There isn’t a month that goes by that somebody doesn’t ask CHS what is happening with the old Broadway Grill. For six years, the answer has been nothing. That is about to change.
“It definitely will be kicking back into life,” prolific Capitol Hill real estate investor Ron Amundson tells CHS. “Paint, lights, a clean-up. It’s time.”
According to King County records, Amundson purchased the property home to the 1936-built restaurant building for $3.2 million in February.
It has sat empty and in many ways untouched since the last incarnation of the Grill shuttered in April 2013, ending a 22-year run on Broadway.
A decrepit infrastructure and ungodly $15,000/month price tag kept it empty though a few projects gave the space a thought along the way before moving on.
Even with bad pipes and infrastructure challenges, the interest is understandable. The restaurant’s place in Broadway culture and LGBTQ brunch history is monumental starting with its opening in spring of 1991. “The Broadway Grill—later renamed the Grill on Broadway—was a shamelessly proud anchor for Seattle’s gay culture in the 1990s,” the Stranger wrote about the restaurant. “It had a racy menu of grilled chicken with whipped yams, a glass chandelier that looked like Carmen Miranda’s headgear on steroids, and a plastic clientele that looked like Carmen Miranda’s backup dancers on Social Security.”
In its final years, the Grill also suffered through an infamous bout of credit card hacking with a 2010 wave of fraud tied to a breach involving the restaurant’s point of sales system. In 2017, Roman Seleznev, the son of a Russian lawmaker and a prisoner once reportedly dangled in exchange for Edward Snowden, was sentenced to 27 years in the international scheme that included ripping off customers of the Broadway Grill and the Mad Pizza chain, among other local businesses.
Previous ownership of the property confirmed details of the sale with CHS. Lance Bon, manager of the family partnership that owned the property, took a philosophical approach to explaining why the property had stood empty for so long — and why it was now being sold. “Real estate has a lifespan,” he said. “That property is near the end of its life.”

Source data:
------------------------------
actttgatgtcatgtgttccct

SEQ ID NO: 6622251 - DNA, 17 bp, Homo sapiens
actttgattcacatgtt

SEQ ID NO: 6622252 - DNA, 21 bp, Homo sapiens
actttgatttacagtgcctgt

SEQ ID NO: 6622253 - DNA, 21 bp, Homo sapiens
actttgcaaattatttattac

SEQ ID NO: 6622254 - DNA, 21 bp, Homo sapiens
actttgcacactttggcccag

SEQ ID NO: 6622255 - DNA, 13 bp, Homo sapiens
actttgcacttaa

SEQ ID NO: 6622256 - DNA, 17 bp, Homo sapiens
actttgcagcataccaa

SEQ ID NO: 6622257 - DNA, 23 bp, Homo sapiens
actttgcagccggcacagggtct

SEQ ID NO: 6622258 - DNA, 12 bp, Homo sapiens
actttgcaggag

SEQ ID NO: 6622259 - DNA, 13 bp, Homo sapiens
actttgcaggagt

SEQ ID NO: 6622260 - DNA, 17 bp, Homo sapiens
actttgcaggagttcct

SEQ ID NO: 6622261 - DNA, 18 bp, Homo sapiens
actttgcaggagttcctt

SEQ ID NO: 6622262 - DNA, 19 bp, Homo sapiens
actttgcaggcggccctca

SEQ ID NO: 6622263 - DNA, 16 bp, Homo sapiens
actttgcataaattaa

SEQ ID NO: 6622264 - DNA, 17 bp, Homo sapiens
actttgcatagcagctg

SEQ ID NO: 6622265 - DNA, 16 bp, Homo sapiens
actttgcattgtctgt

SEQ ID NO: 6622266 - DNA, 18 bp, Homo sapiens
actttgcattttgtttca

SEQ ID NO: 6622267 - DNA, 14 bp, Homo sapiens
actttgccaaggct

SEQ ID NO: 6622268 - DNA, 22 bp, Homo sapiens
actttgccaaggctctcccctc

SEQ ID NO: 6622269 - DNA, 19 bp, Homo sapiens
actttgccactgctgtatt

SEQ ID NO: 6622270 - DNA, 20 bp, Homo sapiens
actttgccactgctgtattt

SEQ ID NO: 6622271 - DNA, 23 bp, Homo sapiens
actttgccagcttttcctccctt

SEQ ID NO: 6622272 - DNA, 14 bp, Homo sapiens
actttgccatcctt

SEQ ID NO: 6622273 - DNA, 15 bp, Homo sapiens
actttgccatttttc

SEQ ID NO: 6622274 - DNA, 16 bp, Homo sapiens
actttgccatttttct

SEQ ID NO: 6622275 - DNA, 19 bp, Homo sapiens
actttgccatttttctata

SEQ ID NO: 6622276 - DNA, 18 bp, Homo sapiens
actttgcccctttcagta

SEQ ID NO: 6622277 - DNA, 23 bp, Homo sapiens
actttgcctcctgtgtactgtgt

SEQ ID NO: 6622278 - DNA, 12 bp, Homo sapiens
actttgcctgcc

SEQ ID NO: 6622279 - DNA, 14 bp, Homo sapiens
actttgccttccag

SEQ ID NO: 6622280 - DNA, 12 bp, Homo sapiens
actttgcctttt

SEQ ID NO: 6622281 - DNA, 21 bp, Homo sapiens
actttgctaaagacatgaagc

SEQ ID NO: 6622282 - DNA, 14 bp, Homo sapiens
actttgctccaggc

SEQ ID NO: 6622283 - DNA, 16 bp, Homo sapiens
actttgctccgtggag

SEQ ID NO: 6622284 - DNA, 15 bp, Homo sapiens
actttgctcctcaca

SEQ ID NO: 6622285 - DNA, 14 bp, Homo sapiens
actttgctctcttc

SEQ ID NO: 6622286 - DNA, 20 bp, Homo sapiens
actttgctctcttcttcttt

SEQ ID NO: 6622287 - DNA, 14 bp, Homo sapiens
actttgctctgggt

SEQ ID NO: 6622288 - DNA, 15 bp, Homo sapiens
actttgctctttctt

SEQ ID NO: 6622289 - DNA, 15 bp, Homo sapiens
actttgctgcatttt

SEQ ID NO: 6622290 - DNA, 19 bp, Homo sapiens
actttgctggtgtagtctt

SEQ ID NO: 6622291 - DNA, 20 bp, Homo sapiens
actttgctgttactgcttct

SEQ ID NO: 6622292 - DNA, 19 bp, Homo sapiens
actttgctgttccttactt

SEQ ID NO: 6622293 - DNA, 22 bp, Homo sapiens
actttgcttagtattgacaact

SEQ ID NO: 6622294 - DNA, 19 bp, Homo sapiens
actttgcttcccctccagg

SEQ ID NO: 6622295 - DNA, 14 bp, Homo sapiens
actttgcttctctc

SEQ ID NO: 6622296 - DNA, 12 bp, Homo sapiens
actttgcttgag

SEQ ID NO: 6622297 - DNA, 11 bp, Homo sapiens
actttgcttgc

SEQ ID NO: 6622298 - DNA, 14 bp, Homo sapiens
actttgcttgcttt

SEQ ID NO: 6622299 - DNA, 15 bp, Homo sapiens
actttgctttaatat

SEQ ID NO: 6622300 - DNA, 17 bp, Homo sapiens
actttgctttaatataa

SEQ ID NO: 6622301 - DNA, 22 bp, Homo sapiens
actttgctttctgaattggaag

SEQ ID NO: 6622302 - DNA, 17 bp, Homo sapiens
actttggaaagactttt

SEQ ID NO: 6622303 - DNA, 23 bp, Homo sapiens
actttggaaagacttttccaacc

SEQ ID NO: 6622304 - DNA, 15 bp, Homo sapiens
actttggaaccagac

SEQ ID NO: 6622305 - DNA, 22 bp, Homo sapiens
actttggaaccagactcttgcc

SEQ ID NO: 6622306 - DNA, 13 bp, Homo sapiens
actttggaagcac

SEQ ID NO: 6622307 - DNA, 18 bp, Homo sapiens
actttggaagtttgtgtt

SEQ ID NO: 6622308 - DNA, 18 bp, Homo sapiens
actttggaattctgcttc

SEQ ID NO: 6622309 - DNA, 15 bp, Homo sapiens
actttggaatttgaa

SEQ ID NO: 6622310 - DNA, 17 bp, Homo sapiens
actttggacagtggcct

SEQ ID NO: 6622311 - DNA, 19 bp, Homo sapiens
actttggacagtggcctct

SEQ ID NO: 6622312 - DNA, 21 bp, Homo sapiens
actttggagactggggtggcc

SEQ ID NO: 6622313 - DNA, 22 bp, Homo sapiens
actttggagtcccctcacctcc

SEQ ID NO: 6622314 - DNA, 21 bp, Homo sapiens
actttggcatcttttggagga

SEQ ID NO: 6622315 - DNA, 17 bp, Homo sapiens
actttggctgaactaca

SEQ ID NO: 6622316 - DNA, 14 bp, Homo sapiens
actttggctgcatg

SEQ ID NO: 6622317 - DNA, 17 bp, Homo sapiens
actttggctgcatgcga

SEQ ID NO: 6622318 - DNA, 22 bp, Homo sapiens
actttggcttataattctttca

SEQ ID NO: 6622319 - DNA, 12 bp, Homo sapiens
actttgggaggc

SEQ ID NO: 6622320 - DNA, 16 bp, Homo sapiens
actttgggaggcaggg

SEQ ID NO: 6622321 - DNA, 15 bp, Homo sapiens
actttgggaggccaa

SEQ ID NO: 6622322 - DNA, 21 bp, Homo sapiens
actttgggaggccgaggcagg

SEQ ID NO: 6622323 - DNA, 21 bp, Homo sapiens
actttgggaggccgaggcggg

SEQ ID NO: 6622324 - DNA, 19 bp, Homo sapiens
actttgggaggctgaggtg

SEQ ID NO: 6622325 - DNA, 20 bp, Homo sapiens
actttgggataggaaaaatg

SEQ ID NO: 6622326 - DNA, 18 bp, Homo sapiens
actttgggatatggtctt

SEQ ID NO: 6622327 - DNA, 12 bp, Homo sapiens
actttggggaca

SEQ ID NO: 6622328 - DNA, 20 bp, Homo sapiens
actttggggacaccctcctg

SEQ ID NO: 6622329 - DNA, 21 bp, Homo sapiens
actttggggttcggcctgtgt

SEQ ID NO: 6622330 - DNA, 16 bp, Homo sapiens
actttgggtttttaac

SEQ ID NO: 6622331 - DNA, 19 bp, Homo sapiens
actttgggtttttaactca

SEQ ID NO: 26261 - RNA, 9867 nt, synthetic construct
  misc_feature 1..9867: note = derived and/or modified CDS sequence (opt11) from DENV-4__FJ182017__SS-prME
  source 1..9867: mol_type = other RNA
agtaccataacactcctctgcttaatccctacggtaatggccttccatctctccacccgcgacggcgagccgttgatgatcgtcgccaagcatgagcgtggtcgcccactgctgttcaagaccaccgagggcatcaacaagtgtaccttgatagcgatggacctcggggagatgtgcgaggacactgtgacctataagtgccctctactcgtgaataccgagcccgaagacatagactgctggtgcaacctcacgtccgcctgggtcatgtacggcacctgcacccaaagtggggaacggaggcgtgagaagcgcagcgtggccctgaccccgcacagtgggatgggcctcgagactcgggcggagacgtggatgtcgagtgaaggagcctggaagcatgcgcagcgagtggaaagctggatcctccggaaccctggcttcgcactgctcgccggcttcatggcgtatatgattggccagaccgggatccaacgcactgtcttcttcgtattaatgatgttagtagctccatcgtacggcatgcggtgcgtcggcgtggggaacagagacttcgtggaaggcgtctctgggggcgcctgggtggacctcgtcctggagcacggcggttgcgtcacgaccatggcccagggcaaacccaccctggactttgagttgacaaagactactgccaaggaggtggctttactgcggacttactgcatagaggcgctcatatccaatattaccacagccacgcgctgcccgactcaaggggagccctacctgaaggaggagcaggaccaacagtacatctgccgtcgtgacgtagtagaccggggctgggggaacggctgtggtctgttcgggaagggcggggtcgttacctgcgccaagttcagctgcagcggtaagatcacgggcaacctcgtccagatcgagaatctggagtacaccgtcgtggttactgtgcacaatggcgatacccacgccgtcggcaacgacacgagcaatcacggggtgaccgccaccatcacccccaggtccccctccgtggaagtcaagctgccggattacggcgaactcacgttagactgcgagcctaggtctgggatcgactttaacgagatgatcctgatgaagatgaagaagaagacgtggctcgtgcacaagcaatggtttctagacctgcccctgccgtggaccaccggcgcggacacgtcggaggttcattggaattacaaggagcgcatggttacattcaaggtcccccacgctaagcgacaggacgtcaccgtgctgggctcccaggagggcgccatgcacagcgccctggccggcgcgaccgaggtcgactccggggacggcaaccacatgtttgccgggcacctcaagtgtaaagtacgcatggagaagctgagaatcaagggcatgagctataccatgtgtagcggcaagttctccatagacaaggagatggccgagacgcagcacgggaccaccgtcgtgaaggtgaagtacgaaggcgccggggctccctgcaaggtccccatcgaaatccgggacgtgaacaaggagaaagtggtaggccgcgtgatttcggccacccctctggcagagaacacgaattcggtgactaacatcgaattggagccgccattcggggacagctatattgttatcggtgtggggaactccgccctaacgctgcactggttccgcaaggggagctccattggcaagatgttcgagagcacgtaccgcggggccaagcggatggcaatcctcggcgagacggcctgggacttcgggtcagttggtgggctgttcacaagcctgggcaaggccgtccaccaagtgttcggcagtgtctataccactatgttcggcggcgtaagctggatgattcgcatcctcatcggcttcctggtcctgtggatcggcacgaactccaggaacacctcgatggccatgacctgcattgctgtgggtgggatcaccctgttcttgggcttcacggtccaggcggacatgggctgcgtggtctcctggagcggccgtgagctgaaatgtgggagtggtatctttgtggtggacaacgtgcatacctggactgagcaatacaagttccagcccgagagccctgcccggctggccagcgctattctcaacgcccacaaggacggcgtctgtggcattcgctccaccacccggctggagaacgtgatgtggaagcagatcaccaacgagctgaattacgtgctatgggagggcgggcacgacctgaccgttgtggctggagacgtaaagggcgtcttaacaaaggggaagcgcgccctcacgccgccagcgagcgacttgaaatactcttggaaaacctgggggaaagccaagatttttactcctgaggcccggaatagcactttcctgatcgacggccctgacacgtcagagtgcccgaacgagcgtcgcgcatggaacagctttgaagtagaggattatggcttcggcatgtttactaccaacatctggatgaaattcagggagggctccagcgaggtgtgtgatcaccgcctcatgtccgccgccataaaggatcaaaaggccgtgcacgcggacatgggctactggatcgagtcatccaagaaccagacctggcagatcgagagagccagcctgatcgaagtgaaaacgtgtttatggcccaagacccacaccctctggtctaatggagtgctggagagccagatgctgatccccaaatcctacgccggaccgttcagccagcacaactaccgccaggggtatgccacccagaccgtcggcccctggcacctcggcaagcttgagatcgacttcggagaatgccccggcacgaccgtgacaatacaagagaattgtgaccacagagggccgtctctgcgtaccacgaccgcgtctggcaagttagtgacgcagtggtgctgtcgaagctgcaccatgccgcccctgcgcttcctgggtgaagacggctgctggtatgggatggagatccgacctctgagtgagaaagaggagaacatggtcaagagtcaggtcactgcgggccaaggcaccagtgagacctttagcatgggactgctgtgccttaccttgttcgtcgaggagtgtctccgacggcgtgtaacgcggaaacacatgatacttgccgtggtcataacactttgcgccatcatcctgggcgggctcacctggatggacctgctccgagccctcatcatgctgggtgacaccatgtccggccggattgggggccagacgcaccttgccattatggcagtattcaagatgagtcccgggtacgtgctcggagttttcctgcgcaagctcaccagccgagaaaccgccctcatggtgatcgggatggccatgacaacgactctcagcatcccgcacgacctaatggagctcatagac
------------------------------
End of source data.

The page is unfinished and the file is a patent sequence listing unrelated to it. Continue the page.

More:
This week, the Grill space is still filled with leftovers from the old restaurant including a table filled with salt and pepper shakers and paper lanterns still hang from the ceiling. The smudged roll-up doors provide a dingy view of the dark interior. A pile of blankets and trash is left in the doorway from the last time someone broke in to sleep. But Capitol Hill Station is bustling just a few blocks away, and the street is busy with pedestrians. Recent years of empty retail spaces seem to be fading into memory. It’s a “seller’s market.” Even Broadway’s old sex “megastore” space is full with a new, “new Broadway” tenant.
Amundson belongs to a generation of independent, smaller scale real estate investment that is still active on Capitol Hill despite the increasing presence of national investors. Much of Amundson’s holdings are dedicated to “buy and hold” and making space for neighborhood businesses. He also has backed development of some of his properties over the years with some plans playing out over years.
With the Broadway Grill, Amundson said he hopes to get the property in shape for a new tenant. “I’m just going to clean it up,” he says, “and see if there’s a restaurant out there that wants it.”
If that won’t pencil out, Amundson said the large, 5,500+ square foot space could be cleaned out, partitioned, and made available to retail.
And, of course, there are longterm opportunities for the buy and hold-minded Amundson. He also owns the property north of Broadway Grill that is currently home to Teriyaki and Wok and Capitol HIll’s only bikini coffee hut, Ladybug Espresso.
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